Michael was the best in his class, consistently exceeded in his performance evaluations, and was the top candidate for promotion. Things began to go awry, however, when he took FMLA leave to care for his wife who had just given birth. Some issues regarding his use of sick leave cropped up, and Michael tried to explain, in not the kindest way, that he wasn’t taking bonding leave (during which sick leave was not available) as much as he was taking time off to care for his wife, who had a life-threatening complication.
Despite this, Michael received a letter indicating that his accrued sick leave was not available, but the time off was designated as FMLA leave and would be counted against his vacation or other paid time off. Michael was unhappy with the FMLA designation and insisted that he was using sick leave in accordance with the applicable collective bargaining agreement (CBA). He wanted to save his unpaid FMLA leave for later. He was subsequently informed that he could use sick leave, but the time off would still be counted as FMLA leave.
About a month later, Michael was interviewed for a promotion. He was questioned about his use of FMLA leave and criticized about how he handled the situation, since he pressed for sick leave. He was passed over for the promotion, and his FMLA leave was noted as the reason(!). About six weeks later he was interviewed for another promotion, and was denied; again, his FMLA leave was discussed. This happened a third time, about a month later.
Being unhappy about the promotion denials, Michael sued, in part arguing that the employer failed to honor his CBA rights to take paid sick leave separately from FMLA leave. The court, however, found that the CBA said nothing about whether sick leave was to be run concurrently with FMLA leave. Since the FMLA allows employees to use accrued paid sick leave for otherwise unpaid FMLA leave, the employer violated the FMLA by initially denied Michael the use of his sick leave.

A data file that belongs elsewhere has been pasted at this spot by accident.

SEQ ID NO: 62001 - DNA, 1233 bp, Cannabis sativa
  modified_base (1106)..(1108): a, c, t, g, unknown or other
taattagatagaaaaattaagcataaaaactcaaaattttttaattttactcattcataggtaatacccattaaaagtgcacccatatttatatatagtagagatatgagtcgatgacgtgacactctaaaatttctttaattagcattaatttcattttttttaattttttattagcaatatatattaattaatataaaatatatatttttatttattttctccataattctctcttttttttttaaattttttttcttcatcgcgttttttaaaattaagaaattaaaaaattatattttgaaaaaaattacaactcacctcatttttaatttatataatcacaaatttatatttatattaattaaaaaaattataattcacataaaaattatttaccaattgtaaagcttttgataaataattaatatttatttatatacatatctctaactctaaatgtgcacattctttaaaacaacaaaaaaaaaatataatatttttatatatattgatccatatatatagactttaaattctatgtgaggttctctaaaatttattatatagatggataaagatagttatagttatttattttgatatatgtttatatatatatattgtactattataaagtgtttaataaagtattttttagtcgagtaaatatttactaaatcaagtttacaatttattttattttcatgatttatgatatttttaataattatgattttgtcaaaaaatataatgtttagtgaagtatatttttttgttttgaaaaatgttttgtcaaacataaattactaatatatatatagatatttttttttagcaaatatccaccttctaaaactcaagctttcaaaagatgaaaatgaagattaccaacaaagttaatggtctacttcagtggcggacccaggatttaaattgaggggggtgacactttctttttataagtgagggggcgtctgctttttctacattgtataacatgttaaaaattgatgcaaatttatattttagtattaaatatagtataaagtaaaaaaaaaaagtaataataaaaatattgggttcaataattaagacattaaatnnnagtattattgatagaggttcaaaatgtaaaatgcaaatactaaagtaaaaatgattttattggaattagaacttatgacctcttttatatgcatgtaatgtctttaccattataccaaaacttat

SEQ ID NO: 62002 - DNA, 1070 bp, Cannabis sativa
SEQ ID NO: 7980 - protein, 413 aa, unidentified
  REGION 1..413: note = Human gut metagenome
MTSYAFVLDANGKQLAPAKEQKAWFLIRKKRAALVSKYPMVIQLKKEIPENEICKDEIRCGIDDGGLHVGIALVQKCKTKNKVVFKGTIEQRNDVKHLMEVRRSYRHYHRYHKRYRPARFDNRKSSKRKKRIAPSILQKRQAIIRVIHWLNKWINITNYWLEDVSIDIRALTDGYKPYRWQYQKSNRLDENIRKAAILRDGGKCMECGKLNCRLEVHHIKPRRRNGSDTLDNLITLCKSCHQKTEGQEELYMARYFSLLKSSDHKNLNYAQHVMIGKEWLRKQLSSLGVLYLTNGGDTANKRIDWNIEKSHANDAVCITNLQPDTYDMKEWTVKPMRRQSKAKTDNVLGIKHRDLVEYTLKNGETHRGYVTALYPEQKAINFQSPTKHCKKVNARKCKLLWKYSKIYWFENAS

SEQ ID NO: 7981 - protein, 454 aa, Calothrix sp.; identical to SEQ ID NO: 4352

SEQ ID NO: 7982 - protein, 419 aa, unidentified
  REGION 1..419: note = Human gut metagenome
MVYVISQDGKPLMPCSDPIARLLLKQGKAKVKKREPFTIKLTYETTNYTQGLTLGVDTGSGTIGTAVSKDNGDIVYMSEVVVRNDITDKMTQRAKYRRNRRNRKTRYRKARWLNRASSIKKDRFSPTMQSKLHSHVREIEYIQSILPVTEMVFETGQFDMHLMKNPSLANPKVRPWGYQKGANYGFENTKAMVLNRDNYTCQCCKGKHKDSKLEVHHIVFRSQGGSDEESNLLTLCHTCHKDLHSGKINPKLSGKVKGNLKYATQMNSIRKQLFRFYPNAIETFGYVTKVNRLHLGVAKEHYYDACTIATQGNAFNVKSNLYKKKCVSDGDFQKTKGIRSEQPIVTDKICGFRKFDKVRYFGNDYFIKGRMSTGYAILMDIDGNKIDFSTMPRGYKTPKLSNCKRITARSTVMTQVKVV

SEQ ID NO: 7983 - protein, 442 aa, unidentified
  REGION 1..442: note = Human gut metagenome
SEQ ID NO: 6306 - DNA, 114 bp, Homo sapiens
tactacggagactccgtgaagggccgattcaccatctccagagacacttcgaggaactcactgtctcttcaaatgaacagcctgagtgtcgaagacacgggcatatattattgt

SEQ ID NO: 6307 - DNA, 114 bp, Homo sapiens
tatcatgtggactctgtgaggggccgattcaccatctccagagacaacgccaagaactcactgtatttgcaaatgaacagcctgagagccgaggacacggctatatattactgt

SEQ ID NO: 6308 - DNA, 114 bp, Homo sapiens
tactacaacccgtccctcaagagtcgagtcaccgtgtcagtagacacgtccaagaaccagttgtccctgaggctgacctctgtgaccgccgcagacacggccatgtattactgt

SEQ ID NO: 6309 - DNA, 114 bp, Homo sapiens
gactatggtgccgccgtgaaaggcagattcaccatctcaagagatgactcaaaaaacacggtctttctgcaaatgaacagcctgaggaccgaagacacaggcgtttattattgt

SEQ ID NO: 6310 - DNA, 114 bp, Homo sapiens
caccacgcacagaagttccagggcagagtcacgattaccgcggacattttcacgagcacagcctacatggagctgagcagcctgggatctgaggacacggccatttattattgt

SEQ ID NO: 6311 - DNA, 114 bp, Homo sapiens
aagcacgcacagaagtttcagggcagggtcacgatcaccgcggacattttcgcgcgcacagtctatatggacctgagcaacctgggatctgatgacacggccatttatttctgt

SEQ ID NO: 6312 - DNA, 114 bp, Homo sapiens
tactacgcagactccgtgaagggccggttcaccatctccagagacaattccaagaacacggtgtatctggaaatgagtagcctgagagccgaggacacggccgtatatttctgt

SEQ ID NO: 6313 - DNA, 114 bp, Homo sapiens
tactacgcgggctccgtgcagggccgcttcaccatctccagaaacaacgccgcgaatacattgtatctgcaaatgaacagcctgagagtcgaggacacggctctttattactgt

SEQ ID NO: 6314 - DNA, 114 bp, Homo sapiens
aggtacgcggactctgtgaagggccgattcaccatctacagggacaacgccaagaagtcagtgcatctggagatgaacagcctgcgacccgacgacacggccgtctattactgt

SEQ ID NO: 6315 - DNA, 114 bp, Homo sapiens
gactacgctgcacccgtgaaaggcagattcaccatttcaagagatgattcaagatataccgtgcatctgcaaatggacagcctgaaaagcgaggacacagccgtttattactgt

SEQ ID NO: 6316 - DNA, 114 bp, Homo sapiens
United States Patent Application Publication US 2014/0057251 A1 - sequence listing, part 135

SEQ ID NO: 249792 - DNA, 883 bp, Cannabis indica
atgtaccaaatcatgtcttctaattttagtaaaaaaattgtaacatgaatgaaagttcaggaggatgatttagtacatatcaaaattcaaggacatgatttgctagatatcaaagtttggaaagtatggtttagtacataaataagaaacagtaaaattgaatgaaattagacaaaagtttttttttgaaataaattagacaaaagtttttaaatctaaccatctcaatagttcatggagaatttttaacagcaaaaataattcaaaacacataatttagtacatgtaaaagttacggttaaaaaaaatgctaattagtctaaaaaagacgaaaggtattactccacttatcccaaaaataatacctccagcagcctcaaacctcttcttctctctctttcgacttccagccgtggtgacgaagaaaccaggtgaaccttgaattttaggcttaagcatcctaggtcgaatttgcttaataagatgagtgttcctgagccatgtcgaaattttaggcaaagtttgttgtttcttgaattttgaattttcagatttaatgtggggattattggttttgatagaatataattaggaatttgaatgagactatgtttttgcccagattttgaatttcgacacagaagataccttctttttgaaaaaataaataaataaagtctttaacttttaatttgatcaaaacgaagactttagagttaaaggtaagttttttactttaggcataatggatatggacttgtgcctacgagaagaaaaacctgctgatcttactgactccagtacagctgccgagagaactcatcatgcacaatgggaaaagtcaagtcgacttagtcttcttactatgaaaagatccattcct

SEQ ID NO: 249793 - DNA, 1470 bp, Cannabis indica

The brunt of the suit, however, involved the promotions. Michael argued that he was passed over for promotion because of his opposition to the employer’s FMLA policy, particularly when, at his first promotion interview, he sent an inflammatory email to HR regarding his FMLA, and that another superior told him on shortly thereafter “It wasn't the fight, but the way you went about it [the FMLA leave] that has caused problems.” Others involved in the promotion decision pointed to incidents where Michael seemed argumentative when he asked for clarification on a point.
The court found that the evidence offered by the employer to show a legitimate reason for the decision not to promote Michael — his emails to HR personnel over the FMLA issue — were not particularly inflammatory. There was no profanity or insulting language in them. They could at worst be described as stubborn. Although the tone was one of frustration and protest, that was, of course, the nature of activity in opposition to his perceived rights violations.
Generally, the court felt that, because Michael’s tackled his issues regarding his use of sick leave with the company resulted in his being passed over for the promotion, the promotion denials could be seen as retaliation.
Browett v. City of Reno, U.S. District Court, D. Nevada, 3:16-cv-00181, February 17, 2017